Maintenance and Attrition of T-Cell Memory
After antigenic stimulation in the context of "danger signals," naive T cells embark on a programmed, intense expansion phase to counteract the rapid proliferation of pathogens. During the first week of infection, responding T cells undergo > 1000-fold expansion, resulting in the development of large numbers of cells exhibiting potent effector function. As the pathogen (antigen) burden dwindles, a majority of the effectors generated are eliminated by apoptosis, resulting in the survival and maintenance of a small population of antigen-specific cells as long-term memory T cells. Depending on the infection studied, CD8+ T cells appear to differentiate through multiple pathways into resting and effector memory subsets, and require multiple cytokines and cell surface molecules for survival and proliferation. Once generated, the repertoire of memory T cells remains highly vulnerable to attrition during heterologous infections, where homeostatic forces drive deletions in T-cell memory pools to accommodate the entry of new memory T cells. This review will primarily focus on the factors that influence the generation, maintenance, and attrition of memory CD8+ T cells.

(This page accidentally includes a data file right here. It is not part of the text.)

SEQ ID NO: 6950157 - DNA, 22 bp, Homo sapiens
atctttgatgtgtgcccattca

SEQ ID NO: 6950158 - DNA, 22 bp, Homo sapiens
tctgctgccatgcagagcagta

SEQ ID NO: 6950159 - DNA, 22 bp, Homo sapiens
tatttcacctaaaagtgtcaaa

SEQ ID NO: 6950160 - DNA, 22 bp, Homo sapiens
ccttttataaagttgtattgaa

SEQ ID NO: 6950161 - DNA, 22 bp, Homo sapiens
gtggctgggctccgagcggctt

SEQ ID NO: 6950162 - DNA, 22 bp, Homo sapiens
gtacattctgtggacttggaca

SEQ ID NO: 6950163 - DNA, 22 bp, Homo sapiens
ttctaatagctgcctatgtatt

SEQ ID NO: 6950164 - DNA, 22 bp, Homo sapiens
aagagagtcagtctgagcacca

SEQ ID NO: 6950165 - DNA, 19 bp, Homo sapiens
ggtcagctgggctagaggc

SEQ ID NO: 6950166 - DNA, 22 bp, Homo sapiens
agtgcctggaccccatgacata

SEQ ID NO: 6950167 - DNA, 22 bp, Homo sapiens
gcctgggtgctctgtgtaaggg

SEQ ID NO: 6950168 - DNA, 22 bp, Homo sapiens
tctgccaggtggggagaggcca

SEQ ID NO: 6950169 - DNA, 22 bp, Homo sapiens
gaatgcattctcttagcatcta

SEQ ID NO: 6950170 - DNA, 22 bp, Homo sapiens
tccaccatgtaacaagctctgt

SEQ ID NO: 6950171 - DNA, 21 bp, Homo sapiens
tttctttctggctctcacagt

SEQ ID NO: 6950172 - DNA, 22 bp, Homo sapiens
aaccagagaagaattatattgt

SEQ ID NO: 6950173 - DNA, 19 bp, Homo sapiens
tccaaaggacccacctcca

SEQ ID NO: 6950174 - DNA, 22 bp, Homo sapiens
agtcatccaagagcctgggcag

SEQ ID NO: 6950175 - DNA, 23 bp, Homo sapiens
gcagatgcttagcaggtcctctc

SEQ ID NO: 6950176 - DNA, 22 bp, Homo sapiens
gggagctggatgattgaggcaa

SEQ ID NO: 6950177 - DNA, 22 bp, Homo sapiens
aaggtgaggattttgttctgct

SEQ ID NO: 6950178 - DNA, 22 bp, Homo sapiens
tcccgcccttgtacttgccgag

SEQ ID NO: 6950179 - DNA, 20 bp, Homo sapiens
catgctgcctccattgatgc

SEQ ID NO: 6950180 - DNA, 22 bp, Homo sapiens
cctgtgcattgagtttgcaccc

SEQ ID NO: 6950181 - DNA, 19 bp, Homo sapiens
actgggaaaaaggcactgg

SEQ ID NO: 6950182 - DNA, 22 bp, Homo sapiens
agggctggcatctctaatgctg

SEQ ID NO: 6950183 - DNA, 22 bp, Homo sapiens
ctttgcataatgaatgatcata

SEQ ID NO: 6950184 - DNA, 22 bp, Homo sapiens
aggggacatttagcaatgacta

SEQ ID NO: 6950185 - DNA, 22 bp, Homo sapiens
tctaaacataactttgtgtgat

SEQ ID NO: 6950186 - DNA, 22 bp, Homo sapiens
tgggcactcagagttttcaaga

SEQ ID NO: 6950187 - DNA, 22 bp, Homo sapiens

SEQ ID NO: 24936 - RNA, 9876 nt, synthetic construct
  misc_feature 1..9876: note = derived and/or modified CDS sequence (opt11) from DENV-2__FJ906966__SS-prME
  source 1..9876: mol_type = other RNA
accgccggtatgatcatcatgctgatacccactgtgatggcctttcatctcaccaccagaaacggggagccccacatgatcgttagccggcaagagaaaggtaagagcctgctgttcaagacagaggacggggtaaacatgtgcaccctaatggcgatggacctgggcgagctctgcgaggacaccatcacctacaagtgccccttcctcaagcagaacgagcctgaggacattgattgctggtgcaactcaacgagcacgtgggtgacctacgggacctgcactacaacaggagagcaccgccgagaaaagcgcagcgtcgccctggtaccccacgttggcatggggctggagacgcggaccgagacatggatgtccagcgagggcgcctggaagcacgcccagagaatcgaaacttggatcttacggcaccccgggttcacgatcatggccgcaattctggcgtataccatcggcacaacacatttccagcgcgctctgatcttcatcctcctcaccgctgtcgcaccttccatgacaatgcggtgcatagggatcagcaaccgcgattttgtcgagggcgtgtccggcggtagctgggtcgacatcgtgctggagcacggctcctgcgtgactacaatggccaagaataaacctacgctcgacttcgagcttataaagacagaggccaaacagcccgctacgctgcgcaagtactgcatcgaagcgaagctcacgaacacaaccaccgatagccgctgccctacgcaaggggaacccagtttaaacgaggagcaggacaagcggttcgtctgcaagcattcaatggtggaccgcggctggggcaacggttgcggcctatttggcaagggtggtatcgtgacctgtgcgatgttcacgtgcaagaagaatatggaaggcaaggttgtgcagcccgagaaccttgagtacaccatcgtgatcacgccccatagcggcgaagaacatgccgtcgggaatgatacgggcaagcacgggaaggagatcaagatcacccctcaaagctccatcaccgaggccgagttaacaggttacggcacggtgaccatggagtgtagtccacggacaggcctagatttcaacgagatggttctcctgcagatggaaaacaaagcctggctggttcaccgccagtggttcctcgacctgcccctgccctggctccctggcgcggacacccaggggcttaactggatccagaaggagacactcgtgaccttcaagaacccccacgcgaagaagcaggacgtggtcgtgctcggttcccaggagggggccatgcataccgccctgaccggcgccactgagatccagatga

Data provided are for informational purposes only. Although carefully collected, accuracy cannot be guaranteed. The impact factor represents a rough estimation of the journal's impact factor and does not reflect the actual current impact factor. Publisher conditions are provided by RoMEO. Differing provisions from the publisher's actual policy or licence agreement may be applicable.